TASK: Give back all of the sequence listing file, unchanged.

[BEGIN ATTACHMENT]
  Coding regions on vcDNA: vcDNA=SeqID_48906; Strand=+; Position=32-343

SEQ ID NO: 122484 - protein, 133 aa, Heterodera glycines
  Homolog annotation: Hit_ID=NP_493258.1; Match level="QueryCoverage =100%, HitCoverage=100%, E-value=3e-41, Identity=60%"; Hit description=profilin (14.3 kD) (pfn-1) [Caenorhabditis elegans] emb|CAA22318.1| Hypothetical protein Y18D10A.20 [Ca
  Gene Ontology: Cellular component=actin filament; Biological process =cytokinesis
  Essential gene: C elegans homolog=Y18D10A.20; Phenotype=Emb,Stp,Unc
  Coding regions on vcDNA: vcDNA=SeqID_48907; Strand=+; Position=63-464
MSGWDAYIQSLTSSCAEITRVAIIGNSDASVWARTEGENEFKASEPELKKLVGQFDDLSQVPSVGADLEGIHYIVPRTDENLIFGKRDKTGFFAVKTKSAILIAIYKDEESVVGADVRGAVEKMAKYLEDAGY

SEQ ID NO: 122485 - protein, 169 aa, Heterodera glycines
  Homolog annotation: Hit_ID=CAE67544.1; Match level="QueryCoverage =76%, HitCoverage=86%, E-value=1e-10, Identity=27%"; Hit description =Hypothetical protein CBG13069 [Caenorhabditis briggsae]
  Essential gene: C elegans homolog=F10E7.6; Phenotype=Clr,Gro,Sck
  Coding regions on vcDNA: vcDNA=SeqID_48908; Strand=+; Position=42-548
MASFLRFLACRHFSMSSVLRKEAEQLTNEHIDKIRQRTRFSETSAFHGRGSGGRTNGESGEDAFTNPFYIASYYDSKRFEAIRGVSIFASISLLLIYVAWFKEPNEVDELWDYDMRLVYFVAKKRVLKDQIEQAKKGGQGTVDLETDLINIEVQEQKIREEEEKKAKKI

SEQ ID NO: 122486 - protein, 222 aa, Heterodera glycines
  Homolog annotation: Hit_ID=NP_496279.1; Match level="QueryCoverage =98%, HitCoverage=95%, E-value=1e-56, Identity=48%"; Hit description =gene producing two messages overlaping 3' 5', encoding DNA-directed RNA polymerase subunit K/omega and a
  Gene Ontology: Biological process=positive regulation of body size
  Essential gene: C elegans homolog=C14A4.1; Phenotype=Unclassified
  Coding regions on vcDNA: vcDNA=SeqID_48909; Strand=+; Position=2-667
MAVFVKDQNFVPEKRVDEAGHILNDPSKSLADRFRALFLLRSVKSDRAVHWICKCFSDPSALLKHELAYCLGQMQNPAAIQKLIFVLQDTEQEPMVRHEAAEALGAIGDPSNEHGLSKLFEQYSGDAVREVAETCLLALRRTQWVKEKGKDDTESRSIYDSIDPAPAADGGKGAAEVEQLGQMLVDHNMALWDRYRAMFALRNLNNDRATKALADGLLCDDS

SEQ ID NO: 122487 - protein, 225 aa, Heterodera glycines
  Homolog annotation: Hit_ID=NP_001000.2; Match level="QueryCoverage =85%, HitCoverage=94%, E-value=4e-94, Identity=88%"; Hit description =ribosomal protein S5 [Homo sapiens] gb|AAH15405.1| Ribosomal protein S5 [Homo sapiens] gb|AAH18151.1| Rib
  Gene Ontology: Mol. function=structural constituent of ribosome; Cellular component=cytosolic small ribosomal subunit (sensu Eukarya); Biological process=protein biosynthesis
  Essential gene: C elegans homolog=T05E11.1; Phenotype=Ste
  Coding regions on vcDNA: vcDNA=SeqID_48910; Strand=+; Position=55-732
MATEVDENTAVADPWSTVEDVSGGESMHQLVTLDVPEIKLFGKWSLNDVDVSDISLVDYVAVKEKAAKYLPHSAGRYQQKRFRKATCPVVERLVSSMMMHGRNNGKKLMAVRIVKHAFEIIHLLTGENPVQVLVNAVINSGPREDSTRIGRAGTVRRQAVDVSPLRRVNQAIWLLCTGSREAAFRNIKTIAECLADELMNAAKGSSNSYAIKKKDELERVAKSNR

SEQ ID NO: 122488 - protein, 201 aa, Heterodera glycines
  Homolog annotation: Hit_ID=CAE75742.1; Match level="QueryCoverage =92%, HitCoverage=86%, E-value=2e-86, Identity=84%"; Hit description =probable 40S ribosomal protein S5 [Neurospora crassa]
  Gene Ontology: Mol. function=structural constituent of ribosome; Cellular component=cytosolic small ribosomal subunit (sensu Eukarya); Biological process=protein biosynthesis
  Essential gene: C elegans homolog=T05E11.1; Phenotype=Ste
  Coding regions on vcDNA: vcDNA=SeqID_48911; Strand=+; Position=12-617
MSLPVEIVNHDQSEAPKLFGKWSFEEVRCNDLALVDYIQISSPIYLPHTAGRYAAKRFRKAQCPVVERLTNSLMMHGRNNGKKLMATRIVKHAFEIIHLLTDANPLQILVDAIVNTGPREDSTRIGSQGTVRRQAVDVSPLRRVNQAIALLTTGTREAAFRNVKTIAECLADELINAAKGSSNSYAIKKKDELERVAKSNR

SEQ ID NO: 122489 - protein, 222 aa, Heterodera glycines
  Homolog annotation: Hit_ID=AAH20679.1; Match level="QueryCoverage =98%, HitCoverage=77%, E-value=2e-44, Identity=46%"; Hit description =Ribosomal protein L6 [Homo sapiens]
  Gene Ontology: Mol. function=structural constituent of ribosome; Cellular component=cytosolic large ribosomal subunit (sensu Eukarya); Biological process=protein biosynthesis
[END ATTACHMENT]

  Coding regions on vcDNA: vcDNA=SeqID_48906; Strand=+; Position=32-343

SEQ ID NO: 122484 - protein, 133 aa, Heterodera glycines
  Homolog annotation: Hit_ID=NP_493258.1; Match level="QueryCoverage =100%, HitCoverage=100%, E-value=3e-41, Identity=60%"; Hit description=profilin (14.3 kD) (pfn-1) [Caenorhabditis elegans] emb|CAA22318.1| Hypothetical protein Y18D10A.20 [Ca
  Gene Ontology: Cellular component=actin filament; Biological process =cytokinesis
  Essential gene: C elegans homolog=Y18D10A.20; Phenotype=Emb,Stp,Unc
  Coding regions on vcDNA: vcDNA=SeqID_48907; Strand=+; Position=63-464
MSGWDAYIQSLTSSCAEITRVAIIGNSDASVWARTEGENEFKASEPELKKLVGQFDDLSQVPSVGADLEGIHYIVPRTDENLIFGKRDKTGFFAVKTKSAILIAIYKDEESVVGADVRGAVEKMAKYLEDAGY

SEQ ID NO: 122485 - protein, 169 aa, Heterodera glycines
  Homolog annotation: Hit_ID=CAE67544.1; Match level="QueryCoverage =76%, HitCoverage=86%, E-value=1e-10, Identity=27%"; Hit description =Hypothetical protein CBG13069 [Caenorhabditis briggsae]
  Essential gene: C elegans homolog=F10E7.6; Phenotype=Clr,Gro,Sck
  Coding regions on vcDNA: vcDNA=SeqID_48908; Strand=+; Position=42-548
MASFLRFLACRHFSMSSVLRKEAEQLTNEHIDKIRQRTRFSETSAFHGRGSGGRTNGESGEDAFTNPFYIASYYDSKRFEAIRGVSIFASISLLLIYVAWFKEPNEVDELWDYDMRLVYFVAKKRVLKDQIEQAKKGGQGTVDLETDLINIEVQEQKIREEEEKKAKKI

SEQ ID NO: 122486 - protein, 222 aa, Heterodera glycines
  Homolog annotation: Hit_ID=NP_496279.1; Match level="QueryCoverage =98%, HitCoverage=95%, E-value=1e-56, Identity=48%"; Hit description =gene producing two messages overlaping 3' 5', encoding DNA-directed RNA polymerase subunit K/omega and a
  Gene Ontology: Biological process=positive regulation of body size
  Essential gene: C elegans homolog=C14A4.1; Phenotype=Unclassified
  Coding regions on vcDNA: vcDNA=SeqID_48909; Strand=+; Position=2-667
MAVFVKDQNFVPEKRVDEAGHILNDPSKSLADRFRALFLLRSVKSDRAVHWICKCFSDPSALLKHELAYCLGQMQNPAAIQKLIFVLQDTEQEPMVRHEAAEALGAIGDPSNEHGLSKLFEQYSGDAVREVAETCLLALRRTQWVKEKGKDDTESRSIYDSIDPAPAADGGKGAAEVEQLGQMLVDHNMALWDRYRAMFALRNLNNDRATKALADGLLCDDS

SEQ ID NO: 122487 - protein, 225 aa, Heterodera glycines
  Homolog annotation: Hit_ID=NP_001000.2; Match level="QueryCoverage =85%, HitCoverage=94%, E-value=4e-94, Identity=88%"; Hit description =ribosomal protein S5 [Homo sapiens] gb|AAH15405.1| Ribosomal protein S5 [Homo sapiens] gb|AAH18151.1| Rib
  Gene Ontology: Mol. function=structural constituent of ribosome; Cellular component=cytosolic small ribosomal subunit (sensu Eukarya); Biological process=protein biosynthesis
  Essential gene: C elegans homolog=T05E11.1; Phenotype=Ste
  Coding regions on vcDNA: vcDNA=SeqID_48910; Strand=+; Position=55-732
MATEVDENTAVADPWSTVEDVSGGESMHQLVTLDVPEIKLFGKWSLNDVDVSDISLVDYVAVKEKAAKYLPHSAGRYQQKRFRKATCPVVERLVSSMMMHGRNNGKKLMAVRIVKHAFEIIHLLTGENPVQVLVNAVINSGPREDSTRIGRAGTVRRQAVDVSPLRRVNQAIWLLCTGSREAAFRNIKTIAECLADELMNAAKGSSNSYAIKKKDELERVAKSNR

SEQ ID NO: 122488 - protein, 201 aa, Heterodera glycines
  Homolog annotation: Hit_ID=CAE75742.1; Match level="QueryCoverage =92%, HitCoverage=86%, E-value=2e-86, Identity=84%"; Hit description =probable 40S ribosomal protein S5 [Neurospora crassa]
  Gene Ontology: Mol. function=structural constituent of ribosome; Cellular component=cytosolic small ribosomal subunit (sensu Eukarya); Biological process=protein biosynthesis
  Essential gene: C elegans homolog=T05E11.1; Phenotype=Ste
  Coding regions on vcDNA: vcDNA=SeqID_48911; Strand=+; Position=12-617
MSLPVEIVNHDQSEAPKLFGKWSFEEVRCNDLALVDYIQISSPIYLPHTAGRYAAKRFRKAQCPVVERLTNSLMMHGRNNGKKLMATRIVKHAFEIIHLLTDANPLQILVDAIVNTGPREDSTRIGSQGTVRRQAVDVSPLRRVNQAIALLTTGTREAAFRNVKTIAECLADELINAAKGSSNSYAIKKKDELERVAKSNR

SEQ ID NO: 122489 - protein, 222 aa, Heterodera glycines
  Homolog annotation: Hit_ID=AAH20679.1; Match level="QueryCoverage =98%, HitCoverage=77%, E-value=2e-44, Identity=46%"; Hit description =Ribosomal protein L6 [Homo sapiens]
  Gene Ontology: Mol. function=structural constituent of ribosome; Cellular component=cytosolic large ribosomal subunit (sensu Eukarya); Biological process=protein biosynthesis